Summary: Resolve a new life, not just a new year.
Not Just a New Year
Here we are at New Year’s again. We have just celebrated Christmas with all of its parties and celebrations. And most of us have overindulged in food and spending, not to mention other areas. This is the time of the year we go on a guilt trip. We haven’t been too good lately, so it is time to make amends. It is time for that New Year’s resolution. After we have one more fling at the New Year’s parties, we will straighten ourselves out. All too often, tomorrow never comes or we cave into our indulgences after a short stay. That diet works to remove five of the ten pounds that we gained at Christmas, So, it’s time to celebrate. Let’s get a pizza!
Soon, for Christians, the season of Lent comes upon us. It’s time to give up something for forty days to remember the Lord’s fast of forty days in the wilderness. Hmm—what do I give up? I know! I’ll give up tuna and peanut butter like I do every year. These are vows I certainly can keep, seeing that I don’t like either. To prepare for Lent there is the Shrove Tuesday pancake supper sponsored by the choir as a fundraiser. I know I’m diabetic, but just one indulgence won’t hurt. After all, I have all of Lent to straighten things out.
The television ads all stroke us with the illusion of free will. We are in control of our lives. We can freely choose. But why is it so much easier to choose to indulge rather than abstain? Is it really a choice, or are we slaves to our passions? I don’t know what you tell others you believe, but deep down in your heart, do you have to admit that you really don’t have it all together? Is there a great gulf fixed between your public persona and your assessment of yourself when no one is around. Does your Facebook profile show you as an enthusiastic go getter who has it all together when your private life is best summed up in Paul’s words in Romans 7 “O wretched person that I am”?
But don’t worry. The television has an answer for you. Alongside the Nutri-System and Jenny Craig ads are the ads of the psychologists. Then there is always Dr. Phil and Oprah. Surely they can steady the wreck we have made of our lives. But after we have tried out the latest fads, we still feel empty and broken. Is there any hope for us wretches?
I have good news to bring. There is help. There is someone who can fix the plague of our heart. It isn’t the advice of someone who sells his plan to get your life together, someone who doesn’t have it together himself. Just look at the lives of Hollywood idols. Do they have it together? The most of them are just as if not more desperate than the rest of us. How could they have any answers? They have wealth, influence, power, and the ability to indulge their every fantasy. They are hunted down by their own fans and followers. They seem to alternate between Hollywood and rehab. No, if you are looking for help from the world, you are looking for healing in all the wrong places.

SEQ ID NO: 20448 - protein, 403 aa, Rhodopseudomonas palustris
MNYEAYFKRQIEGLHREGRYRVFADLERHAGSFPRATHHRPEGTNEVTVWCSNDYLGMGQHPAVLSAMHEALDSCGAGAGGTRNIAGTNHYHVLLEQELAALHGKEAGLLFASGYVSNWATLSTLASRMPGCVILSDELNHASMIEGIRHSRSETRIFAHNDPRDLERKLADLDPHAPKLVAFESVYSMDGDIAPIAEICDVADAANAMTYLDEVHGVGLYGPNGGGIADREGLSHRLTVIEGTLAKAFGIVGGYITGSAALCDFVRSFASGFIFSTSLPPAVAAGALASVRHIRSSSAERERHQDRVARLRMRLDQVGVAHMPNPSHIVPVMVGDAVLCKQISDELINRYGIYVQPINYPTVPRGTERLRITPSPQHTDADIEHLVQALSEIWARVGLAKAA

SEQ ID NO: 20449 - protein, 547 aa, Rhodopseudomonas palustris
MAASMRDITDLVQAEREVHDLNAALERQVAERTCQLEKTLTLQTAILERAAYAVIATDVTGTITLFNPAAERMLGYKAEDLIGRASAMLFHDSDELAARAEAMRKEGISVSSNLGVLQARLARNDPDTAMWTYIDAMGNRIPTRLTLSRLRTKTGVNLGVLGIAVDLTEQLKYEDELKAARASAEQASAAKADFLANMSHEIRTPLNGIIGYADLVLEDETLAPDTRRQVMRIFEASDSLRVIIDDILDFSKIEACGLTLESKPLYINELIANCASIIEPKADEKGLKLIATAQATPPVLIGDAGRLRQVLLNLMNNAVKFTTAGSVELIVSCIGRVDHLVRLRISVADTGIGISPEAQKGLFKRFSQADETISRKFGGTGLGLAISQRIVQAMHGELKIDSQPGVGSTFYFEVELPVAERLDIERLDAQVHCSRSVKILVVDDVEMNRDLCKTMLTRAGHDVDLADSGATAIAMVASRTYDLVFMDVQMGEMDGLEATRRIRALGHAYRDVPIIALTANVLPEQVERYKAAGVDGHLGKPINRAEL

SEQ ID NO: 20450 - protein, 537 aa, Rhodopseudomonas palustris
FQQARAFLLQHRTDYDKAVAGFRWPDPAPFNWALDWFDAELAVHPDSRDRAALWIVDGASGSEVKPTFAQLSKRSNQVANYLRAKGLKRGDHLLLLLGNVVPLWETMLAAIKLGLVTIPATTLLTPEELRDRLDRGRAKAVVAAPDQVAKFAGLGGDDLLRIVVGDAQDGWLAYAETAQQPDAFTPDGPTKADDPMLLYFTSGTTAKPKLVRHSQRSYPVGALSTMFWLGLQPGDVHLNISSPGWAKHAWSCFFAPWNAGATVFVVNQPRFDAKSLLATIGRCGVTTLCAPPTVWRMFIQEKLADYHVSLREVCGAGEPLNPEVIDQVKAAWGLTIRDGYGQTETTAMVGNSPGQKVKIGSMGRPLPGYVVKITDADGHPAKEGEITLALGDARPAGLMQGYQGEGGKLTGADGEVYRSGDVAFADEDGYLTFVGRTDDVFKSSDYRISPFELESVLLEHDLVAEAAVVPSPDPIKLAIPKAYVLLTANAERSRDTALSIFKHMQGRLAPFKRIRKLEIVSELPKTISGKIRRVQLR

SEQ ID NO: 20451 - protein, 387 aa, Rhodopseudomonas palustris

The problem with us has been well described by a French mathematician named Blaise Pasqual. He noted that every person has a God-sized hole in his (her) heart. St. Augustine puts it in a similar what when he say that the heart is restless until it finds its rest in God. Nothing else can fill this void.
But how do we get there. Which way should we look to find God? Is God “up there”? In a spherical earth, which way is up anyway? God seems so wholly other to us. He is so remote. We know we have a whole in our heart that no surgeon can fix.
The good news is that we don’t have to find God. God has reached out to find us. Adam and Eve went out and hid themselves in the garden. They did not even want to find God, for they feared His judgment for their disobedience. They weren’t sure what “death” was, but it did not sound pleasant. They discovered they had a bad heart. But God came searching for them. He did not leave them there in desperate fear and brokenness. Yes there would be severe chastisement. They would be thrown out of the garden. The earth would be cursed and their children cursed with death and decay. But this was not the end of the story.
Paul tells us at the right time, God sent His Son, born of a woman, a birth we have just finished celebrating. His Son was not a broken human being like we are. He had it all together. He did not have a God sized hole in His heart. He was in perfect communion with the Father in heaven and perfectly did the will of He who sent Him to earth. Despite His perfection, he was allowed to feel our forsakenness. His perfect body was disfigured by scourging and crucifixion. He who deserved all acceptance was rejected by the world. Jesus did not come into the world to warm our heart at Christmastime. He came to change us.